Head of State (2003) / Comedy
MPAA Rated: Rated PG-13 for language, some sexuality and drug references
Running Time: 95 min.
Cast: Chris Rock, Bernie Mac, Dylan Baker, Lynn Whitfield, Robin Givens, Nick Searcy
Director: Chris Rock
Screenplay: Chris Rock, Ali LeRoi
Review published April 5, 2003
Your opinion of Head of State will really come down to how much you like Chris Rock (Bad Company, Jay and Silent Bob Strike Back) himself, in this first film written, directed, produced and starring the popular comedian, and if you're a huge fan, nothing I say in the next few paragraphs will probably dissuade you from seeing it. Although a talented stand-up comedian, his forays into acting have found Rock doing less-than-stellar work, trying to mold the writing of others more into a Chris Rock-style delivery, with the results typically being uneven. Now Rock has the chance to be "The Man," playing to his strengths and avoiding his limitations, in a role catered in every way to his personality. If only Rock understood how to write characters that don't have his persona, he might have had a chance with this one. He doesn't.
Rock stars as Mays Gilliam, an Alderman in a poor Washington D.C. neighborhood, down-and-out after losing his job, his car and his girl. The presidential race is in full swing, and one of the candidates has met an untimely death, paving the way for Mays, who is seen as virtually unelectable for the party's hopeful for the election four years later. Mays is unorthodox, not only because he is the first Black man to be the party's candidate, but because he calls things as he sees it. He strikes a chord with the common folk out there, especially with minorities, and has a way of winning people over with his charm, wit, and ability to talk the talk. However, his rise in popularity also causes his opponent to try to smear him, making this an even bigger fight than he ever imagined.
On "SNL" and in his stand-up act, Rock has always had a finger on the pulse of the nation's ills, and even if he can be a bit bombastic in his delivery, there's no question he can be very engaging when in his finest form. With a film that has him running for president, he finally has the platform to address many of the issues in true Chris Rock fashion, so it would seem it couldn't miss. Although this is a comedy, if it had some moments of genuine drama or poignant, scathing criticism, there probably could have been more resonance to the words he delivers, which end up being simplistic and not very informative. Instead, this farce never really does anything other than go for a laugh, and is determined to get as many as it can, no matter how forced.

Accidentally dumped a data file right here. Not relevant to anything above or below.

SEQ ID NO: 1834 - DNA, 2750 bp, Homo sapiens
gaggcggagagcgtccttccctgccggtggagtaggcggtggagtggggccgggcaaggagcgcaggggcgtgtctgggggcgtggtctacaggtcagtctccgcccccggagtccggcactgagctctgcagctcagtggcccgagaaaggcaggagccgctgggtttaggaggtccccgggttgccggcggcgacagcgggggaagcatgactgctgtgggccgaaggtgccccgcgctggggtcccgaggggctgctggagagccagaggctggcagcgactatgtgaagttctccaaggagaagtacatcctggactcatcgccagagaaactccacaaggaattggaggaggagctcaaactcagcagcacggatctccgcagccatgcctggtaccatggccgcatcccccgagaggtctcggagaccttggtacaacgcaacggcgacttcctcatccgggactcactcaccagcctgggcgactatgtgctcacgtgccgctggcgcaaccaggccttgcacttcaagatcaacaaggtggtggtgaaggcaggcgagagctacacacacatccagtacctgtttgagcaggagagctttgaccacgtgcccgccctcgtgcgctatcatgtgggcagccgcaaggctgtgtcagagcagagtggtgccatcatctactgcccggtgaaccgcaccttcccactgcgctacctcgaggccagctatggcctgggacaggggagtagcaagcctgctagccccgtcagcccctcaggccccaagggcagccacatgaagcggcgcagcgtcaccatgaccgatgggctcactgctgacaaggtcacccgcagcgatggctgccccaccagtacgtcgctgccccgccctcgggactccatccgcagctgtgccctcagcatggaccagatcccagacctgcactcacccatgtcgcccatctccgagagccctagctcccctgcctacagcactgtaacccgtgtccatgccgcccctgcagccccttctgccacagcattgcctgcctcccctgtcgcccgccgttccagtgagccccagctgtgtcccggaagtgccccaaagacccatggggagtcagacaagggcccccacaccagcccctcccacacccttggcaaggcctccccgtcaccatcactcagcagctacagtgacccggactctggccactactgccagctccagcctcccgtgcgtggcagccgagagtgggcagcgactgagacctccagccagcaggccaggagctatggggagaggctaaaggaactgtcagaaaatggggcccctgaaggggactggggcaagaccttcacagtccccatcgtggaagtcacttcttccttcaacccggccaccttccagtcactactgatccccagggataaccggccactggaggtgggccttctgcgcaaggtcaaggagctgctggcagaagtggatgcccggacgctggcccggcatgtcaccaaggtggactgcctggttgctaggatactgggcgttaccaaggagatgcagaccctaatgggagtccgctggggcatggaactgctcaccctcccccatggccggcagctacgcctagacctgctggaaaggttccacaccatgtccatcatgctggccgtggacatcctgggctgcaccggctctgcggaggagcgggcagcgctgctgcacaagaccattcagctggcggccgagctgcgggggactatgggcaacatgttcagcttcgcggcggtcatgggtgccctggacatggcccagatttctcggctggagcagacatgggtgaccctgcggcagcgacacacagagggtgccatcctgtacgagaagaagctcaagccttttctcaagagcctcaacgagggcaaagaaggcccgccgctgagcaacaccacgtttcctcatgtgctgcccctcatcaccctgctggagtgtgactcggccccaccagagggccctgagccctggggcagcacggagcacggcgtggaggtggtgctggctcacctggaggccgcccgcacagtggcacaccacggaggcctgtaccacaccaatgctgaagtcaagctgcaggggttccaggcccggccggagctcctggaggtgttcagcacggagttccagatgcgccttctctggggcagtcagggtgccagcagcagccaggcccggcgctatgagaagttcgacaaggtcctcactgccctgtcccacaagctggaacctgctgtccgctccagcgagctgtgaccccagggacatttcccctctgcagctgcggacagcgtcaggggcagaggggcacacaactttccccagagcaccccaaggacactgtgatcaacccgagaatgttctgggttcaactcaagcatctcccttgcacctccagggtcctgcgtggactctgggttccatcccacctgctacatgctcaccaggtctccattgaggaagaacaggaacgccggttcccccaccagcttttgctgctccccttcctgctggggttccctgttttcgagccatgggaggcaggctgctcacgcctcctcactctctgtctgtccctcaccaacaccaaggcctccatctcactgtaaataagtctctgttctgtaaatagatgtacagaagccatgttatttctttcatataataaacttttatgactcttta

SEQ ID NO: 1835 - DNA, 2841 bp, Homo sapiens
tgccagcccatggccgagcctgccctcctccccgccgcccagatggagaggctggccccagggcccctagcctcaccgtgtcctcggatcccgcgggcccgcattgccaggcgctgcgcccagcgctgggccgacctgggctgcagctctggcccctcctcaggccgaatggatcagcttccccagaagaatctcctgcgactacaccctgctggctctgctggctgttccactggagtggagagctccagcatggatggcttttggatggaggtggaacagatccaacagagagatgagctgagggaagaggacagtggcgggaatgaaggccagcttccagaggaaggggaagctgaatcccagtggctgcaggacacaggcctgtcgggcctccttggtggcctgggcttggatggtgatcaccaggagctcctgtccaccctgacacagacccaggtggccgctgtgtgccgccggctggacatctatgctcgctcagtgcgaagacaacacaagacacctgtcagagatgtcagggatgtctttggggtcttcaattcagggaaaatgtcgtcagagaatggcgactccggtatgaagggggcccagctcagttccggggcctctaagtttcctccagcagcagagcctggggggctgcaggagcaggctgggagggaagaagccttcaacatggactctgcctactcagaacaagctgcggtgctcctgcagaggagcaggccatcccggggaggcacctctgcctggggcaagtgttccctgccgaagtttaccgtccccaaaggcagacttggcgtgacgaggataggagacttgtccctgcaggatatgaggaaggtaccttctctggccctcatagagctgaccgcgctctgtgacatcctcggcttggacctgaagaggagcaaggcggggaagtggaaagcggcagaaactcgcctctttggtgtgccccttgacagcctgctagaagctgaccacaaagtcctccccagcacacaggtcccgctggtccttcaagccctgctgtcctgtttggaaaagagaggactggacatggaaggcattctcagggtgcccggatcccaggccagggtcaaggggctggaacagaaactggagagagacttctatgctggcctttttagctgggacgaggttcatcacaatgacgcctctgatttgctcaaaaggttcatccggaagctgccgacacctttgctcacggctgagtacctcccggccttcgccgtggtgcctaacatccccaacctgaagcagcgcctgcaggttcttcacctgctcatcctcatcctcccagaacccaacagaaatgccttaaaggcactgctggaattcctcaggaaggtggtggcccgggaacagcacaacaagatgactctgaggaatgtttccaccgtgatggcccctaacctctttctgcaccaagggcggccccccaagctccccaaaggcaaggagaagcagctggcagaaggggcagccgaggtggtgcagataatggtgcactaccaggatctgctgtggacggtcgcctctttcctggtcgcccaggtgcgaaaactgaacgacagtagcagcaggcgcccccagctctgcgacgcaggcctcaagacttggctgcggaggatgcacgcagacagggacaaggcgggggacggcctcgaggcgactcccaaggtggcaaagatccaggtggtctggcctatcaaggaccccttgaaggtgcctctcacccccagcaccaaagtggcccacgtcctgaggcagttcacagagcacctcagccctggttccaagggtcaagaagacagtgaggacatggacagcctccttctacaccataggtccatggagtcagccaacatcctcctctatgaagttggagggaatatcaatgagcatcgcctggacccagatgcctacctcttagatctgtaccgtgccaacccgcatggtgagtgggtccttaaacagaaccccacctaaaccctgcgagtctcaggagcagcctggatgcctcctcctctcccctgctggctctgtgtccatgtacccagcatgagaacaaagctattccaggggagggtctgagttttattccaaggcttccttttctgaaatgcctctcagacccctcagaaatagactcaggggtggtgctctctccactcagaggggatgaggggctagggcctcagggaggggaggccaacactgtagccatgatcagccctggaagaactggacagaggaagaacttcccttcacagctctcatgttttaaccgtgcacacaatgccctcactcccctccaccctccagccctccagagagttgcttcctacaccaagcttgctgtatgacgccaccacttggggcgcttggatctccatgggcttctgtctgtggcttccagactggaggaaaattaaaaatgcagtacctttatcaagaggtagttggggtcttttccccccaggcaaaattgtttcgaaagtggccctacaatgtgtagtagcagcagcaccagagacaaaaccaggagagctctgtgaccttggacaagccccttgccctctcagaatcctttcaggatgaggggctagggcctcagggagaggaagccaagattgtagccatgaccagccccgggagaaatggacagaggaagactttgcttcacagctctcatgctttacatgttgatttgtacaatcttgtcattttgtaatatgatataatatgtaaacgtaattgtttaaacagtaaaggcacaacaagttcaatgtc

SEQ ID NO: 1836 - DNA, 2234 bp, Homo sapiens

Too many of the jokes are not funny at all, especially the recurring ones, such as the re-emergence from time to time of Mays former girlfriend, played by Robin Givens (Blankman, Boomerang), during which she begs and pleads for a reconciliation only to be whisked away with a motion of Rock calling for Security. Rock's soundtrack is misguided, and is especially redundant, using the same songs multiple times, and most of them having no bearing to the story. Even if you love Nelly's hit, "Hot in Herre," you'll probably be burnt out after the half dozen times it's played throughout the film.
There are plenty of racially aware commentaries called into play, mostly cynical about the country's feelings toward Black people, but Rock wisely shows balance because not all white people are against him. Yet, as a candidate, Rock (er, I mean Mays) points the finger at many of the evils of society, but rarely actually addresses any solution to them. When he does, it ends up being worse than if he said nothing at all. Mays' solution to kids being exposed to too much violence? Well, smack them upside the head, of course!
So, if you are in absolute adoration of Chris Rock...if you loved him on SNL or "The Chris Rock Show" or any of the movies he appears in, you probably have already seen Head of State by now, and aren't likely to need my recommendation. Everyone else is better off just staying away altogether, because there just aren't enough laughs and far too many groans. It's an energetic ride, and Rock shows some visual flair, but probably bit off more than he could chew trying to make his half-cooked idea soar. If anything, this actually makes Eddie Murphy's similar vehicle, The Distinguished Gentleman, look, well...distinguished. Bloated with filler and sloppy in execution, the State of the title doesn't refer to the country as much as it does the catatonic state you'll be in from watching this entire movie without so much as a snicker. I smelled what Rock is cooking, and that's why I'm giving his movie the "Gasface."
©2003 Vince Leo